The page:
Nokia, RIM and HTC hit out at Apple reception claims

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Nokia, RIM and HTC hit out at Apple reception claims

Major mobile manufacturers have taken issue with Apple chief executive Steve Jobs's claim that reception issues are not just an iPhone 4 problem.

Jobs suggested at a press conference on Friday that the antenna problems affecting the iPhone 4 are "a challenge for the whole industry".

The Apple chief backed this assertion by showing pictures of handsets from rivals HTC, Nokia and Research In Motion (RIM), which he claimed are also subject to reception problems owing to the so-called 'death grip' that has affected the iPhone 4.

However, Nokia and RIM accused Jobs of trying to deflect criticism from his latest smartphone onto other manufacturers.

A joint statement from RIM chief executives Mike Lazaridis and Jim Balsillie described Jobs's attempt to draw RIM into Apple's "self-made debacle" as " unacceptable".

They also said that RIM had deliberately avoided designs like the one Apple used in the iPhone 4, where the antenna forms the seal around the edge of the handset, because of the risk of dropped calls, particularly in low network coverage areas.

And in a swipe at one of Apple's proposed solutions to assuage users, they added: "One thing is for certain: RIM's customers don't need to use a case for their BlackBerry smartphone to maintain proper connectivity."

Nokia also issued a blunt statement, pointing to Apple's decision to elevate form over function. "We prioritise antenna performance over physical design if they are ever in conflict," the company said.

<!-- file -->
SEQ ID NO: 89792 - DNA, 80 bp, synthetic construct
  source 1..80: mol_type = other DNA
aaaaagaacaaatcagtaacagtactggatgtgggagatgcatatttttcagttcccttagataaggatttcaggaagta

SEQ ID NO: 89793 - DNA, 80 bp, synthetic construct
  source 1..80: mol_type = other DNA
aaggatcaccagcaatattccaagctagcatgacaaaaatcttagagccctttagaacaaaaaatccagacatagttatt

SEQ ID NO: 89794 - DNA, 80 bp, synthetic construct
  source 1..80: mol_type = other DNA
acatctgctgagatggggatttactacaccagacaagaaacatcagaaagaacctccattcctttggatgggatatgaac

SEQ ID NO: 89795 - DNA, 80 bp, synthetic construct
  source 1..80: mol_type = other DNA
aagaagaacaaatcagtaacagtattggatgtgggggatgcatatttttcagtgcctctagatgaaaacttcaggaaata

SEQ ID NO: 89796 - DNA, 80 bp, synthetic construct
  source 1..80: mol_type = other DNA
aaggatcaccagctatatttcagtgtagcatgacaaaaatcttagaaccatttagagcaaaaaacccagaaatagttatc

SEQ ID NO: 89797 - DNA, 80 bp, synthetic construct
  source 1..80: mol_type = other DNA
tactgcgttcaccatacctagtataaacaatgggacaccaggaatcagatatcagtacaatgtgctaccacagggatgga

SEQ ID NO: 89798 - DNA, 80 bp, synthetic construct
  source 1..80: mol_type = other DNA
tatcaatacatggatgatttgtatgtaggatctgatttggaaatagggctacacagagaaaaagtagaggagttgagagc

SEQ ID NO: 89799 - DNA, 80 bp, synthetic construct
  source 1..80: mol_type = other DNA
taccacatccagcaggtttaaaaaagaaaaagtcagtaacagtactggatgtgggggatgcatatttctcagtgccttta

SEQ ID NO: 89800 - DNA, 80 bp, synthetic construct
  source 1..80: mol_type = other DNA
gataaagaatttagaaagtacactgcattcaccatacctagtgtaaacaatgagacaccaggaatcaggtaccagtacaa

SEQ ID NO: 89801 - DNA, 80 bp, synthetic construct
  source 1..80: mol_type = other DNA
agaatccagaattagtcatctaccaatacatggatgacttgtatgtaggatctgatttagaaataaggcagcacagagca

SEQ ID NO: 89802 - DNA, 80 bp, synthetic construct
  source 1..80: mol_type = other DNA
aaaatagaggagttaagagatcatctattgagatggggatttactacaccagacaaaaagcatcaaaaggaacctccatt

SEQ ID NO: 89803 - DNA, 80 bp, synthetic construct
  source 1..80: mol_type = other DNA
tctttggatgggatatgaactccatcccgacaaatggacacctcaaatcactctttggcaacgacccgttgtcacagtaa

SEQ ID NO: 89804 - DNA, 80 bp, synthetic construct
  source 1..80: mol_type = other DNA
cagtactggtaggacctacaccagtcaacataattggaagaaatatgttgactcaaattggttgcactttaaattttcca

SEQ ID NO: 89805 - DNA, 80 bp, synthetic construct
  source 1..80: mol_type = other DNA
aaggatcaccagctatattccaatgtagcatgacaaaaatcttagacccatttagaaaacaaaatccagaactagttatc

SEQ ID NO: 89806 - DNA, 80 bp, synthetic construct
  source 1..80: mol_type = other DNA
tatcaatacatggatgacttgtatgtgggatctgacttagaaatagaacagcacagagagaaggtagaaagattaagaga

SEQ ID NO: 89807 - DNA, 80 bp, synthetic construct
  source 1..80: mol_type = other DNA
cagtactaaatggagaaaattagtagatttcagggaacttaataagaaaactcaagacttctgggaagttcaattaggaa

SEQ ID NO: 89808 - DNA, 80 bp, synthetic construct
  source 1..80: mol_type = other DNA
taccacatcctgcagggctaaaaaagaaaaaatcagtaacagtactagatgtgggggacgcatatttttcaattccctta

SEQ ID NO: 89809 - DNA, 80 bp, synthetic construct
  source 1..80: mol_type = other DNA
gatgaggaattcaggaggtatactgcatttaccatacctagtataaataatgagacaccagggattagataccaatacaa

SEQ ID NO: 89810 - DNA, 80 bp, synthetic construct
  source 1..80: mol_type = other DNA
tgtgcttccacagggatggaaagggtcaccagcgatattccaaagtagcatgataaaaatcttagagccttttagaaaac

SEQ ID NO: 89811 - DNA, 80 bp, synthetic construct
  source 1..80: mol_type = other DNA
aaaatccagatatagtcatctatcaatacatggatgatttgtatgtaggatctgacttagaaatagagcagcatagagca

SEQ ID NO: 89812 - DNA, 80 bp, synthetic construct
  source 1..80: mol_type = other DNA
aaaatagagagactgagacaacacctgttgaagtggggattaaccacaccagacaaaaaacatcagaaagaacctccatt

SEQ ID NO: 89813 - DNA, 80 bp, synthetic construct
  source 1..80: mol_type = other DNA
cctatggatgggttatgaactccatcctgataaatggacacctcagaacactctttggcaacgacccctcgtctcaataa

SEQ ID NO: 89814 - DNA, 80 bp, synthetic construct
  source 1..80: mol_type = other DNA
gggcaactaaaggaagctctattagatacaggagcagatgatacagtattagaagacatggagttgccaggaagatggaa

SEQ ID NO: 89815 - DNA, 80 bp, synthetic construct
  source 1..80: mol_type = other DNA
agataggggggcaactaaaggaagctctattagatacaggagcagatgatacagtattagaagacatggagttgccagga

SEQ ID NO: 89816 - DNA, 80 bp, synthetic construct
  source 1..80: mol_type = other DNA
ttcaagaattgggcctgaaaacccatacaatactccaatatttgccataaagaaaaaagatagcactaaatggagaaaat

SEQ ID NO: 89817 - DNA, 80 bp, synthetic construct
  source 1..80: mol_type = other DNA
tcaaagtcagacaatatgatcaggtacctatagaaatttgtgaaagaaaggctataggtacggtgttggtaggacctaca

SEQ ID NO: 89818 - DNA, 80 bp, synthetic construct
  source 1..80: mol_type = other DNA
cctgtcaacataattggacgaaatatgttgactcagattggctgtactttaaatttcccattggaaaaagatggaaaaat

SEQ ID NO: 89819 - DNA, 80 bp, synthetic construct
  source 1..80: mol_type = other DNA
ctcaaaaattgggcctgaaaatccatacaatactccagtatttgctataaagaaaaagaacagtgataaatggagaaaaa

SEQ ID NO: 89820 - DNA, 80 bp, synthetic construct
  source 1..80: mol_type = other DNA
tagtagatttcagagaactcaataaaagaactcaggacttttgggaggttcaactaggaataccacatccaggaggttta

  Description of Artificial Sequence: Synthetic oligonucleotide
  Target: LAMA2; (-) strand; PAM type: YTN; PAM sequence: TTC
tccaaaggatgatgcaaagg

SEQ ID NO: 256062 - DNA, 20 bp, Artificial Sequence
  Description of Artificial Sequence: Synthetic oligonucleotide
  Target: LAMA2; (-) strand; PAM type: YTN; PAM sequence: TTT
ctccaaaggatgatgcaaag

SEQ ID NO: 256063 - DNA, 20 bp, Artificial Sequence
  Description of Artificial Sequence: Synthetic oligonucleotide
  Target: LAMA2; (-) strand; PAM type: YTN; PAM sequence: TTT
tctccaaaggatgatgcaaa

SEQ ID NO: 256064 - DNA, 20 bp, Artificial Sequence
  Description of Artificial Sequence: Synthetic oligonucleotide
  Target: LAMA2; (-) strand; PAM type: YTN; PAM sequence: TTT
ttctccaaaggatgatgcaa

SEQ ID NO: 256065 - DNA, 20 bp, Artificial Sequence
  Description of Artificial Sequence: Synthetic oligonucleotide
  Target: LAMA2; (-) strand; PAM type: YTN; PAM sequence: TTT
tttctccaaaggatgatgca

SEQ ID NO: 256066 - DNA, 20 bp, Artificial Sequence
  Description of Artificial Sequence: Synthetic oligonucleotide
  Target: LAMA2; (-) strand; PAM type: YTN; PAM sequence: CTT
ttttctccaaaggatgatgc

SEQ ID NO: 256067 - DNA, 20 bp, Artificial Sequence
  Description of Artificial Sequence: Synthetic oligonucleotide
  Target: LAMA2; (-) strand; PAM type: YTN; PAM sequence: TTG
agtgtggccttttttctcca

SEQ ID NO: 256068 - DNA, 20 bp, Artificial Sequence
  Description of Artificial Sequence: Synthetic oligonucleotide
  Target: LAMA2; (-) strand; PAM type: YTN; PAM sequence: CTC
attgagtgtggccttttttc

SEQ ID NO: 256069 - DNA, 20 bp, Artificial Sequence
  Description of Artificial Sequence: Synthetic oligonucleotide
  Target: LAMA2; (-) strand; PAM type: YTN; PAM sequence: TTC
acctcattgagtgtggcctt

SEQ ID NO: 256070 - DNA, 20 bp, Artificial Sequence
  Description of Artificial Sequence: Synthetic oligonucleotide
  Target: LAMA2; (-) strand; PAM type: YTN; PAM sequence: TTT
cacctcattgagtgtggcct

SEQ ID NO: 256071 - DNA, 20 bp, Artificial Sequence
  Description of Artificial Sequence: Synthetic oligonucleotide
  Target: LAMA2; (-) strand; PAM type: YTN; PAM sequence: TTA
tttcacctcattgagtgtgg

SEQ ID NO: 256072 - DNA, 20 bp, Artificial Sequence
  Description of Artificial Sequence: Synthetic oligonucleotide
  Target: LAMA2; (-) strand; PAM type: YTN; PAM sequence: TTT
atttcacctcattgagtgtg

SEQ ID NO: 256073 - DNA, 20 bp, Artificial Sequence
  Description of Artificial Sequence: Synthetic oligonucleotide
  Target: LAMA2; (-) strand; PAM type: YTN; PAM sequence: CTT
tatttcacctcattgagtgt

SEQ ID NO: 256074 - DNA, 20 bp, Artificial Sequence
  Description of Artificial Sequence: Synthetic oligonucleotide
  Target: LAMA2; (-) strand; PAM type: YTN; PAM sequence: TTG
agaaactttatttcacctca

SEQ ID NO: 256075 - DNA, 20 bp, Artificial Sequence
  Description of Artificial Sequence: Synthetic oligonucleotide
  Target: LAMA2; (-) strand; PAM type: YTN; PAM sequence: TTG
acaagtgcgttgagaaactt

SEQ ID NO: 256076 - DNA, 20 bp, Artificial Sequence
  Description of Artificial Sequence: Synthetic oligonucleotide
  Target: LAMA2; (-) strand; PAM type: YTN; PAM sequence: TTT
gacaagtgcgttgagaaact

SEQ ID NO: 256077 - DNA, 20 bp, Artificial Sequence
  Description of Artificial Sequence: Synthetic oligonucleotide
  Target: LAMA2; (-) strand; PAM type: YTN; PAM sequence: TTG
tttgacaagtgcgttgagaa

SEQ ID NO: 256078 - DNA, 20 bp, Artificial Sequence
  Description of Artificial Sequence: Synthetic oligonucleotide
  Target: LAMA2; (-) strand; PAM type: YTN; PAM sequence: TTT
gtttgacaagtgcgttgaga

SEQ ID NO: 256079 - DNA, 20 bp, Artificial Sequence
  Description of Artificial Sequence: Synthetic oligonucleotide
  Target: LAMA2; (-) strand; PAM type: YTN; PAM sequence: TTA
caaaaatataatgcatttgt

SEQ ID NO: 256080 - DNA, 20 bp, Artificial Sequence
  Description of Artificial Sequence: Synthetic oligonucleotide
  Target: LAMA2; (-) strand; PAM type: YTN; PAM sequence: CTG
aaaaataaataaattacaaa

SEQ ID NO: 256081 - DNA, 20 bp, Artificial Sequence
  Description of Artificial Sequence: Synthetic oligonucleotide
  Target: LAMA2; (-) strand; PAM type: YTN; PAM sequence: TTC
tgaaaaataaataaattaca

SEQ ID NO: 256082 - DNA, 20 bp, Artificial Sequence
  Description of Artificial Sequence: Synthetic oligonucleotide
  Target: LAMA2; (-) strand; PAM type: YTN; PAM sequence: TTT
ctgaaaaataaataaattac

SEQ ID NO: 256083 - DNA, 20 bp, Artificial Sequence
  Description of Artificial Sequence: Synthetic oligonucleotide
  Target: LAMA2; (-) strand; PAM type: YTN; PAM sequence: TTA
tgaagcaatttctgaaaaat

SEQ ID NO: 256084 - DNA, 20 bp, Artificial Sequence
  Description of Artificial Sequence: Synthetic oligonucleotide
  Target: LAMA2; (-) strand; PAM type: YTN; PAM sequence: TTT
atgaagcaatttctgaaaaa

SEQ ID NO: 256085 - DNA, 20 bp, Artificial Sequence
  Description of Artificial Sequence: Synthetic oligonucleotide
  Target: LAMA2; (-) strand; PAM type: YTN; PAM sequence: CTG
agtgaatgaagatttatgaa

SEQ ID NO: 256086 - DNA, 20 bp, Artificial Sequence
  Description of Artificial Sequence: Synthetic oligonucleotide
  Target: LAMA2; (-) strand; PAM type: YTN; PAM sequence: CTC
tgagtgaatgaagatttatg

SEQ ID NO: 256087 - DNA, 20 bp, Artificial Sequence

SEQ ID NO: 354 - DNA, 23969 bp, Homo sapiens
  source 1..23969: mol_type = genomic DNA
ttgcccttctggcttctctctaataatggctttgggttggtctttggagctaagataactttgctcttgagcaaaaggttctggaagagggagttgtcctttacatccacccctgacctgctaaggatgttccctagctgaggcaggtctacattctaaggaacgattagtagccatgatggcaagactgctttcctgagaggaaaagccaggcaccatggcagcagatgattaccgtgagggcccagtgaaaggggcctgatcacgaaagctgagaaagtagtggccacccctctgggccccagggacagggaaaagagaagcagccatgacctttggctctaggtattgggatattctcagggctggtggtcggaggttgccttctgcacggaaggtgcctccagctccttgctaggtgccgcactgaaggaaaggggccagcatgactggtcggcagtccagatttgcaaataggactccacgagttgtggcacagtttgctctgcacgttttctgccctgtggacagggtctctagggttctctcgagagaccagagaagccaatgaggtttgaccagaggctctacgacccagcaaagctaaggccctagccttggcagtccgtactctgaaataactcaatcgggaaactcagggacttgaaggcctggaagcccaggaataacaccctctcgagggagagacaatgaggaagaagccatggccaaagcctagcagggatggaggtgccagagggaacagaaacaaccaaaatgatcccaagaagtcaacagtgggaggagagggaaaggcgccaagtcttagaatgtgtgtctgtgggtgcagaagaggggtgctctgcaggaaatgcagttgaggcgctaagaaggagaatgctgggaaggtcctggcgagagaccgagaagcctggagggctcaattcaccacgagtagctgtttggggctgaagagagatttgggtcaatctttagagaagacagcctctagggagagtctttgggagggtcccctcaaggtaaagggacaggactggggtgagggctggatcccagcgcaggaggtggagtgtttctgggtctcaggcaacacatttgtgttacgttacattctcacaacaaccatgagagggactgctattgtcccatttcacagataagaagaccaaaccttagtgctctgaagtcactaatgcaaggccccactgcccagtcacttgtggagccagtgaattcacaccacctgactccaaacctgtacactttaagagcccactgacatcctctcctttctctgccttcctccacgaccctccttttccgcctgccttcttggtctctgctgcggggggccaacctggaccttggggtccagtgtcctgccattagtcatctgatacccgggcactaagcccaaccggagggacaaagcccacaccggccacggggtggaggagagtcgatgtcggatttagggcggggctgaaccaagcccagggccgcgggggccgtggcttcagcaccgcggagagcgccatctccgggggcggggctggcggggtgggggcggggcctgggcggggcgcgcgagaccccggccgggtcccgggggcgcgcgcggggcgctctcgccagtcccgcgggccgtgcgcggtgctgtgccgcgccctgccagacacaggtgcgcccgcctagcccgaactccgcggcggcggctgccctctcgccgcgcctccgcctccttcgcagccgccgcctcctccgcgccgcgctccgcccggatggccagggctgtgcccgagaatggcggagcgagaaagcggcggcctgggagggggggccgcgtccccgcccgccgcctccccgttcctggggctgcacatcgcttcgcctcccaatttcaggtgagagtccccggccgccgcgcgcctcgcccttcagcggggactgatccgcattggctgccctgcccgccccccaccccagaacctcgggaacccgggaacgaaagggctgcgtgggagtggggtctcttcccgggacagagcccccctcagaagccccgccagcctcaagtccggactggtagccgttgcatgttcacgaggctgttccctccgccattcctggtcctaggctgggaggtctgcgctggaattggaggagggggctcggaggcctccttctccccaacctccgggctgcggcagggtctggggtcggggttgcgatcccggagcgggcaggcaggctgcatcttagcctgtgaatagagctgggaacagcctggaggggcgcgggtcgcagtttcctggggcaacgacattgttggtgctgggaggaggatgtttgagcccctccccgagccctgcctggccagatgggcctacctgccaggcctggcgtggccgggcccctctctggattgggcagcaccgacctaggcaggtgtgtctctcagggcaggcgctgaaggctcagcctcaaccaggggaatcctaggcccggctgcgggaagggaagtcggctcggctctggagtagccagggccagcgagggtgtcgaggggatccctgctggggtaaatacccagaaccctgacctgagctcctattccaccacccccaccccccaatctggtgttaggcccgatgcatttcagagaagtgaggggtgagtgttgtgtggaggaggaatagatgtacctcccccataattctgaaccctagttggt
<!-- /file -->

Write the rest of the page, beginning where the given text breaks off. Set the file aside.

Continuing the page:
On Monday, HTC and Samsung also denied Jobs's claims. HTC took the stance that the iPhone problems are not common to other smartphones, while Samsung said that it used "internal antenna design technology that optimises reception quality for any type of hand-grip use", according to the The Wall Street Journal.

Despite igniting an industry war of words, Apple's tactics do not seem to have harmed its market standing, and financial analysts say that iPhone 4 demand remains high, according to the Financial Times.

One UK company working overtime is O2, which was once the handset's exclusive retailer in the UK. The company issued a statement over the weekend to head off demand for the iPhone 4 case or refund that Apple has offered.

"Please don't call customer service or visit an O2 shop with questions about the announcement at this time," O2 said. "They will not be able to give you any more info."

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